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Archive for the ‘security’ category

Apr 19, 2019

It’s official: Blue Origin will bring rocket engine tests back to Huntsville

Posted by in categories: security, space travel

One of Huntsville’s historic Apollo engine test stands is coming back to life under an agreement between NASA and Jeff Bezos’ Blue Origin space company.

NASA announced Wednesday it has signed an agreement to let Blue Origin use Marshall Test Stand 4670 to test its BE-3U and BE-4 rocket engines. The BE-4 has been selected to power United Launch Alliance’s new Vulcan rocket and Blue’s New Glenn rocket.

Both rockets are being built to power new boosters for America’s three key space markets: NASA, commercial companies like ULA and national security customers such as the Air Force.

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Apr 18, 2019

Graphene Terahertz Cameras Could Become Common

Posted by in categories: internet, mobile phones, security

EU researchers have developed a graphene-enabled detector for terahertz light that is faster and more sensitive than existing room-temperature technologies. This can lead to a fully digital low-cost terahertz camera system. This could be as cheap as the camera inside the smartphone, since such a detector has proven to have a very low power consumption and is fully compatible with CMOS technology.

Detecting terahertz (THz) light is extremely useful for two main reasons. Firstly, THz technology is becoming a key element in applications regarding security (such as airport scanners), wireless data communication, and quality control, to mention just a few. However, current THz detectors have shown strong limitations in terms of simultaneously meeting the requirements for sensitivity, speed, spectral range, being able to operate at room temperature.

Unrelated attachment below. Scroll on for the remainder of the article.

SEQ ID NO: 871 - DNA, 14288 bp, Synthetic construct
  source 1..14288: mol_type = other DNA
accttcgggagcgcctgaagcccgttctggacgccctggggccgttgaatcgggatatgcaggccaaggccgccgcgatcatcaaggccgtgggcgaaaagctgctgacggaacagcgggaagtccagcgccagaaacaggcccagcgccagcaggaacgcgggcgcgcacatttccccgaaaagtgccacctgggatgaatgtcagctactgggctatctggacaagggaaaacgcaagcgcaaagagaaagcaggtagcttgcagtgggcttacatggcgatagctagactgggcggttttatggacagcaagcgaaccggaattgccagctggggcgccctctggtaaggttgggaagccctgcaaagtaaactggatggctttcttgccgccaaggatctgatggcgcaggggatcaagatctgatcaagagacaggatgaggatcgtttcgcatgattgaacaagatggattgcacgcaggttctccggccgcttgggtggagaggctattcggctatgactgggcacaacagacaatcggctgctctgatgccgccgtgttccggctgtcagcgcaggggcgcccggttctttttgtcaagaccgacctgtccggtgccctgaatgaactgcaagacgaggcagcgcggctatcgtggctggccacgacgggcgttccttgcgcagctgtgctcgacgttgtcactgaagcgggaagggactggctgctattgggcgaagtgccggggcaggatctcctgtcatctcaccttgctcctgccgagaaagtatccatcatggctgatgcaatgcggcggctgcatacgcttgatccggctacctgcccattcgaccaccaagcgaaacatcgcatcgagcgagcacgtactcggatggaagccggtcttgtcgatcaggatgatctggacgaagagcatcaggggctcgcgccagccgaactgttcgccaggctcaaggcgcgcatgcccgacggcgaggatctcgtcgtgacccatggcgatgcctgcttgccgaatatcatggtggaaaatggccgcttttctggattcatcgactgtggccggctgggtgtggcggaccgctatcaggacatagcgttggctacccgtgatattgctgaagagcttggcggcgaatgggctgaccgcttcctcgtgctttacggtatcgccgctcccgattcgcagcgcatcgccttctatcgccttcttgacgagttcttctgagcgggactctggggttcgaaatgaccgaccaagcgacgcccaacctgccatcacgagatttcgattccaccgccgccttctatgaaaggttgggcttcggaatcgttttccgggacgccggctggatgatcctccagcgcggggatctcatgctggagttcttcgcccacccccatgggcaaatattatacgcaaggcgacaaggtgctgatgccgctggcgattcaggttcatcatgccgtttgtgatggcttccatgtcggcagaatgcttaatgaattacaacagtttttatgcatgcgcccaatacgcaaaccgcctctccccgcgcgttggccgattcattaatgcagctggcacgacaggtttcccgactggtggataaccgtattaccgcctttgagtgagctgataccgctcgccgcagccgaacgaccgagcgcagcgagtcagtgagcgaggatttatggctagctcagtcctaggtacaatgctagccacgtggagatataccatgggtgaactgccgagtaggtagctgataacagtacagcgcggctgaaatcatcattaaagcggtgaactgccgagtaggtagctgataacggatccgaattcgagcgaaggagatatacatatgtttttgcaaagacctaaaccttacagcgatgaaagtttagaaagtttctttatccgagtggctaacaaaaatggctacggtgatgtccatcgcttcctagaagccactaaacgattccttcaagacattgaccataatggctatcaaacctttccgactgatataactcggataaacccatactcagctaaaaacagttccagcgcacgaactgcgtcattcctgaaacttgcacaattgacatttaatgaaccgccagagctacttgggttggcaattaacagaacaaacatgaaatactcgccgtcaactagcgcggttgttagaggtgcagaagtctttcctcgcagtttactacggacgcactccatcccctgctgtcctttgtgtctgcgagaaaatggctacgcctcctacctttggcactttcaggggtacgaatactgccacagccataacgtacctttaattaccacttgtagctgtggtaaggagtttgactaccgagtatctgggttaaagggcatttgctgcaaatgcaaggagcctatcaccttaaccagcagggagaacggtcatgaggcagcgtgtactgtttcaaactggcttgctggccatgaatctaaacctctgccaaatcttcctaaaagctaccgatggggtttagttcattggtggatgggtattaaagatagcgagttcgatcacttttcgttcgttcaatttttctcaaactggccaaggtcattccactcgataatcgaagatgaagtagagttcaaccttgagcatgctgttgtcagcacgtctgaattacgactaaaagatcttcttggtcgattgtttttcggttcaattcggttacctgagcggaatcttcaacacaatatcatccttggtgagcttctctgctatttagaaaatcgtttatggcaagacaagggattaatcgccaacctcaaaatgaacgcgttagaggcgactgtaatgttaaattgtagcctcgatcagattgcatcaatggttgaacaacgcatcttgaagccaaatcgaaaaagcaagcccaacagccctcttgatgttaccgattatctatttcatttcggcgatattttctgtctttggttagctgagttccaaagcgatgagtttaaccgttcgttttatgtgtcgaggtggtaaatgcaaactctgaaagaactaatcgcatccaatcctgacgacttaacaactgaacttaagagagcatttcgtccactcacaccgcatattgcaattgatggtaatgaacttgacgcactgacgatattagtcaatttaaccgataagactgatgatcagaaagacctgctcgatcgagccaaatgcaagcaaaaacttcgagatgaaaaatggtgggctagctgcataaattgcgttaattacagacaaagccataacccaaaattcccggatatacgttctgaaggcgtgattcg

Secondly, it is a very safe type of radiation due to its low-energy photons, with more than a hundred times less energy than that of photons in the visible light range.

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Apr 13, 2019

Transhumanism Becoming the ‘Relentless Drumbeat’ Shaping Our Future

Posted by in categories: bioengineering, cryptocurrencies, economics, geopolitics, security, surveillance, transhumanism

Following recent trends in state-of-the-art developments, from cryptocurrencies and universal basic income to biohacking and the surveillance state, transhumanism has been moved into the limelight of political discourse to reshape humanity’s future.

Andrew Vladimirov, Information security specialist, biohacker and one of the original members of the Transhumanist Party UK, spoke in-depth with Sputnik about the rise of transhumanism and its implications.

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Apr 13, 2019

Blockstack: Blockstack is building an ecosystem that gives your users control over their fundamental digital rights: Identity, data-ownership, privacy, and security

Posted by in categories: internet, security

Join us and help build the new internet.

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Apr 11, 2019

Vaak’s AI theft-detection system is already 81% accurate

Posted by in categories: robotics/AI, security

Already deployed in over 50 stores around Japan, the VaakEye system constantly monitors security camera footage, detects suspicious activities and alerts staff, who can instantly review the footage and act on it. And the company is getting ready to launch Amazon-style auto-checkout as well.

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Apr 10, 2019

Ocean plastic pollution costs the planet $2.5 trillion per year

Posted by in categories: food, health, security

It’s the first-ever quantification of the damage caused by plastic pollution on a global scale.

Global plastic pollution and the damage it causes to marine ecosystems now has a price tag attached to it. A team of researchers from the UK and Norway analyzed the many ways in which plastic pollution damages or destroys natural resources, and came up with a staggering figure – $2.5 billion – as the annual cost to society.